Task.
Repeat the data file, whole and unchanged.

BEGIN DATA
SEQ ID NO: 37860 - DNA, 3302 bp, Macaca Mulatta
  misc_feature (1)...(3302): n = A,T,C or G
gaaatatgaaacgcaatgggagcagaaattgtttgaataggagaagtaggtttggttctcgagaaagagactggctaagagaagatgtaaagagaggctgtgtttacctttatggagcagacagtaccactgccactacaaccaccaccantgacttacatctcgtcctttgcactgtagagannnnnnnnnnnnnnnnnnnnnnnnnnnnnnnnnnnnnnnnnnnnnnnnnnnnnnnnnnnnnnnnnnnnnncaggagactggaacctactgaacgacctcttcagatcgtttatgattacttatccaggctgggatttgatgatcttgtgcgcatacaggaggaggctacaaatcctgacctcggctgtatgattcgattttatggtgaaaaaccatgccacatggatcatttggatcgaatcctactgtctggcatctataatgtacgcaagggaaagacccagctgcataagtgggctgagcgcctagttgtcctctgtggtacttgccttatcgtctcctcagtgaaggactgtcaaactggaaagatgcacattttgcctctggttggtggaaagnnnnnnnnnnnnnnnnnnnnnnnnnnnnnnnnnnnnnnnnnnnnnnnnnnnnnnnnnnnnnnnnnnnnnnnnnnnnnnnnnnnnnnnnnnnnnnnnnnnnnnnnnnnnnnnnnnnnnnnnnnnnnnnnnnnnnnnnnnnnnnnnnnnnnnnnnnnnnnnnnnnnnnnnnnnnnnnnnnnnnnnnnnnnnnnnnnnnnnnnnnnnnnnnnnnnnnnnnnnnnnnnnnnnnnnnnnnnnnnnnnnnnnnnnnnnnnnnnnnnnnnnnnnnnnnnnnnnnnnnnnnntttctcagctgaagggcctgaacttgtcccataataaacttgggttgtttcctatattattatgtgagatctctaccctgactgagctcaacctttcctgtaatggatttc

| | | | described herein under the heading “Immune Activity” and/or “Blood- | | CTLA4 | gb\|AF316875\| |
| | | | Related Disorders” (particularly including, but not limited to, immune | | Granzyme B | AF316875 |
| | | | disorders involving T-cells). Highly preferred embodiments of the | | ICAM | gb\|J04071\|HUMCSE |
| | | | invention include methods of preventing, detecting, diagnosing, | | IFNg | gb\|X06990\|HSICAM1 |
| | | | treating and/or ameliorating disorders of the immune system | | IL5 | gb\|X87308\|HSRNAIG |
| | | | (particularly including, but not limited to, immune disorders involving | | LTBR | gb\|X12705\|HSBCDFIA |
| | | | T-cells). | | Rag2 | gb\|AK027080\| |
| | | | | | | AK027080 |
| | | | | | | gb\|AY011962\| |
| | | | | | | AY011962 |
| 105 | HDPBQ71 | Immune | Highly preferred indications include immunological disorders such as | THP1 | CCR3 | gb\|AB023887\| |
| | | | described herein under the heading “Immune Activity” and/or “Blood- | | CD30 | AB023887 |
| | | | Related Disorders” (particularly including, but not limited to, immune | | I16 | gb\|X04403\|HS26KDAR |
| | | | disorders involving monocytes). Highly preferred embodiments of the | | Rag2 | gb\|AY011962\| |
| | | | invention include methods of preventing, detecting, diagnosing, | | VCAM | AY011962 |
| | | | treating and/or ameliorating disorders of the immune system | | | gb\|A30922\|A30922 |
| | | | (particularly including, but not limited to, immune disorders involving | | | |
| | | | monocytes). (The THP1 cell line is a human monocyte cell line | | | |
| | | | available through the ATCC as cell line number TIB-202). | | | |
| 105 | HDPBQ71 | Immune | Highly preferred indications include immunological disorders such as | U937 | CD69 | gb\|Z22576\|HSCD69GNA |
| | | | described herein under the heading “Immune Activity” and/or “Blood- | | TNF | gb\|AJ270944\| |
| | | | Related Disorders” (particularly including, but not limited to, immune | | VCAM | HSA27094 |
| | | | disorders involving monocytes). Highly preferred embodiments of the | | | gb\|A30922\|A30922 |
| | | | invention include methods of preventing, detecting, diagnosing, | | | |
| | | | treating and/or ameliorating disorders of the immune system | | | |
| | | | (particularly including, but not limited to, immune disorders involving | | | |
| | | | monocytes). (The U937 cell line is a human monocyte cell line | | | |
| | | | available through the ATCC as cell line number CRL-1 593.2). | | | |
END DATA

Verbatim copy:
SEQ ID NO: 37860 - DNA, 3302 bp, Macaca Mulatta
  misc_feature (1)...(3302): n = A,T,C or G
gaaatatgaaacgcaatgggagcagaaattgtttgaataggagaagtaggtttggttctcgagaaagagactggctaagagaagatgtaaagagaggctgtgtttacctttatggagcagacagtaccactgccactacaaccaccaccantgacttacatctcgtcctttgcactgtagagannnnnnnnnnnnnnnnnnnnnnnnnnnnnnnnnnnnnnnnnnnnnnnnnnnnnnnnnnnnnnnnnnnnnncaggagactggaacctactgaacgacctcttcagatcgtttatgattacttatccaggctgggatttgatgatcttgtgcgcatacaggaggaggctacaaatcctgacctcggctgtatgattcgattttatggtgaaaaaccatgccacatggatcatttggatcgaatcctactgtctggcatctataatgtacgcaagggaaagacccagctgcataagtgggctgagcgcctagttgtcctctgtggtacttgccttatcgtctcctcagtgaaggactgtcaaactggaaagatgcacattttgcctctggttggtggaaagnnnnnnnnnnnnnnnnnnnnnnnnnnnnnnnnnnnnnnnnnnnnnnnnnnnnnnnnnnnnnnnnnnnnnnnnnnnnnnnnnnnnnnnnnnnnnnnnnnnnnnnnnnnnnnnnnnnnnnnnnnnnnnnnnnnnnnnnnnnnnnnnnnnnnnnnnnnnnnnnnnnnnnnnnnnnnnnnnnnnnnnnnnnnnnnnnnnnnnnnnnnnnnnnnnnnnnnnnnnnnnnnnnnnnnnnnnnnnnnnnnnnnnnnnnnnnnnnnnnnnnnnnnnnnnnnnnnnnnnnnnnntttctcagctgaagggcctgaacttgtcccataataaacttgggttgtttcctatattattatgtgagatctctaccctgactgagctcaacctttcctgtaatggatttc

| | | | described herein under the heading “Immune Activity” and/or “Blood- | | CTLA4 | gb\|AF316875\| |
| | | | Related Disorders” (particularly including, but not limited to, immune | | Granzyme B | AF316875 |
| | | | disorders involving T-cells). Highly preferred embodiments of the | | ICAM | gb\|J04071\|HUMCSE |
| | | | invention include methods of preventing, detecting, diagnosing, | | IFNg | gb\|X06990\|HSICAM1 |
| | | | treating and/or ameliorating disorders of the immune system | | IL5 | gb\|X87308\|HSRNAIG |
| | | | (particularly including, but not limited to, immune disorders involving | | LTBR | gb\|X12705\|HSBCDFIA |
| | | | T-cells). | | Rag2 | gb\|AK027080\| |
| | | | | | | AK027080 |
| | | | | | | gb\|AY011962\| |
| | | | | | | AY011962 |
| 105 | HDPBQ71 | Immune | Highly preferred indications include immunological disorders such as | THP1 | CCR3 | gb\|AB023887\| |
| | | | described herein under the heading “Immune Activity” and/or “Blood- | | CD30 | AB023887 |
| | | | Related Disorders” (particularly including, but not limited to, immune | | I16 | gb\|X04403\|HS26KDAR |
| | | | disorders involving monocytes). Highly preferred embodiments of the | | Rag2 | gb\|AY011962\| |
| | | | invention include methods of preventing, detecting, diagnosing, | | VCAM | AY011962 |
| | | | treating and/or ameliorating disorders of the immune system | | | gb\|A30922\|A30922 |
| | | | (particularly including, but not limited to, immune disorders involving | | | |
| | | | monocytes). (The THP1 cell line is a human monocyte cell line | | | |
| | | | available through the ATCC as cell line number TIB-202). | | | |
| 105 | HDPBQ71 | Immune | Highly preferred indications include immunological disorders such as | U937 | CD69 | gb\|Z22576\|HSCD69GNA |
| | | | described herein under the heading “Immune Activity” and/or “Blood- | | TNF | gb\|AJ270944\| |
| | | | Related Disorders” (particularly including, but not limited to, immune | | VCAM | HSA27094 |
| | | | disorders involving monocytes). Highly preferred embodiments of the | | | gb\|A30922\|A30922 |
| | | | invention include methods of preventing, detecting, diagnosing, | | | |
| | | | treating and/or ameliorating disorders of the immune system | | | |
| | | | (particularly including, but not limited to, immune disorders involving | | | |
| | | | monocytes). (The U937 cell line is a human monocyte cell line | | | |
| | | | available through the ATCC as cell line number CRL-1 593.2). | | | |